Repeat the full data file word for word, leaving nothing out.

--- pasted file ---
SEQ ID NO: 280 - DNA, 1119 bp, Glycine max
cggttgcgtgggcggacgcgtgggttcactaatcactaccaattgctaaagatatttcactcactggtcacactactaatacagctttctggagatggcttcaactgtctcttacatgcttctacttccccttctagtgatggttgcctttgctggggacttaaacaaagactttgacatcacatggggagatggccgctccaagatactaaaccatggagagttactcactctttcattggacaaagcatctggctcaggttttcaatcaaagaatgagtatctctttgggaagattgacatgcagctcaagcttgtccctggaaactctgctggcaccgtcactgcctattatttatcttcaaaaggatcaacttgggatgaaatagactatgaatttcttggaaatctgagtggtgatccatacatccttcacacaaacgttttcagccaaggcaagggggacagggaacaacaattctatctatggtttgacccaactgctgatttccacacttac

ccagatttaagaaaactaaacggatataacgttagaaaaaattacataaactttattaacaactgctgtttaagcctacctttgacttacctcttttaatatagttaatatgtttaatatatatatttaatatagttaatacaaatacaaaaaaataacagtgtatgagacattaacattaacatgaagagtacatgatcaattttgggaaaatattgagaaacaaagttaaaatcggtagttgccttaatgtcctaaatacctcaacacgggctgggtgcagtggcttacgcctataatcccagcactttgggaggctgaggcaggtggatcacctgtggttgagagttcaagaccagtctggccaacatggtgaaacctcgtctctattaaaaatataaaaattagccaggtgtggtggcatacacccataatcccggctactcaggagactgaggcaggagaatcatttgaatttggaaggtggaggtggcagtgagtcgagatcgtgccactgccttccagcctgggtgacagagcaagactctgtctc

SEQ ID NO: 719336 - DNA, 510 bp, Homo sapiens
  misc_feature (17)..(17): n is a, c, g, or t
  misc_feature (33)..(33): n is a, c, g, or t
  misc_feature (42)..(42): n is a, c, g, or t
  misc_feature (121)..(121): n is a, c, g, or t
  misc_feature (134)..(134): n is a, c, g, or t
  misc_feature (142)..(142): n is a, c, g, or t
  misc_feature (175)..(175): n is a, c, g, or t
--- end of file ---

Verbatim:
SEQ ID NO: 280 - DNA, 1119 bp, Glycine max
cggttgcgtgggcggacgcgtgggttcactaatcactaccaattgctaaagatatttcactcactggtcacactactaatacagctttctggagatggcttcaactgtctcttacatgcttctacttccccttctagtgatggttgcctttgctggggacttaaacaaagactttgacatcacatggggagatggccgctccaagatactaaaccatggagagttactcactctttcattggacaaagcatctggctcaggttttcaatcaaagaatgagtatctctttgggaagattgacatgcagctcaagcttgtccctggaaactctgctggcaccgtcactgcctattatttatcttcaaaaggatcaacttgggatgaaatagactatgaatttcttggaaatctgagtggtgatccatacatccttcacacaaacgttttcagccaaggcaagggggacagggaacaacaattctatctatggtttgacccaactgctgatttccacacttac

ccagatttaagaaaactaaacggatataacgttagaaaaaattacataaactttattaacaactgctgtttaagcctacctttgacttacctcttttaatatagttaatatgtttaatatatatatttaatatagttaatacaaatacaaaaaaataacagtgtatgagacattaacattaacatgaagagtacatgatcaattttgggaaaatattgagaaacaaagttaaaatcggtagttgccttaatgtcctaaatacctcaacacgggctgggtgcagtggcttacgcctataatcccagcactttgggaggctgaggcaggtggatcacctgtggttgagagttcaagaccagtctggccaacatggtgaaacctcgtctctattaaaaatataaaaattagccaggtgtggtggcatacacccataatcccggctactcaggagactgaggcaggagaatcatttgaatttggaaggtggaggtggcagtgagtcgagatcgtgccactgccttccagcctgggtgacagagcaagactctgtctc

SEQ ID NO: 719336 - DNA, 510 bp, Homo sapiens
  misc_feature (17)..(17): n is a, c, g, or t
  misc_feature (33)..(33): n is a, c, g, or t
  misc_feature (42)..(42): n is a, c, g, or t
  misc_feature (121)..(121): n is a, c, g, or t
  misc_feature (134)..(134): n is a, c, g, or t
  misc_feature (142)..(142): n is a, c, g, or t
  misc_feature (175)..(175): n is a, c, g, or t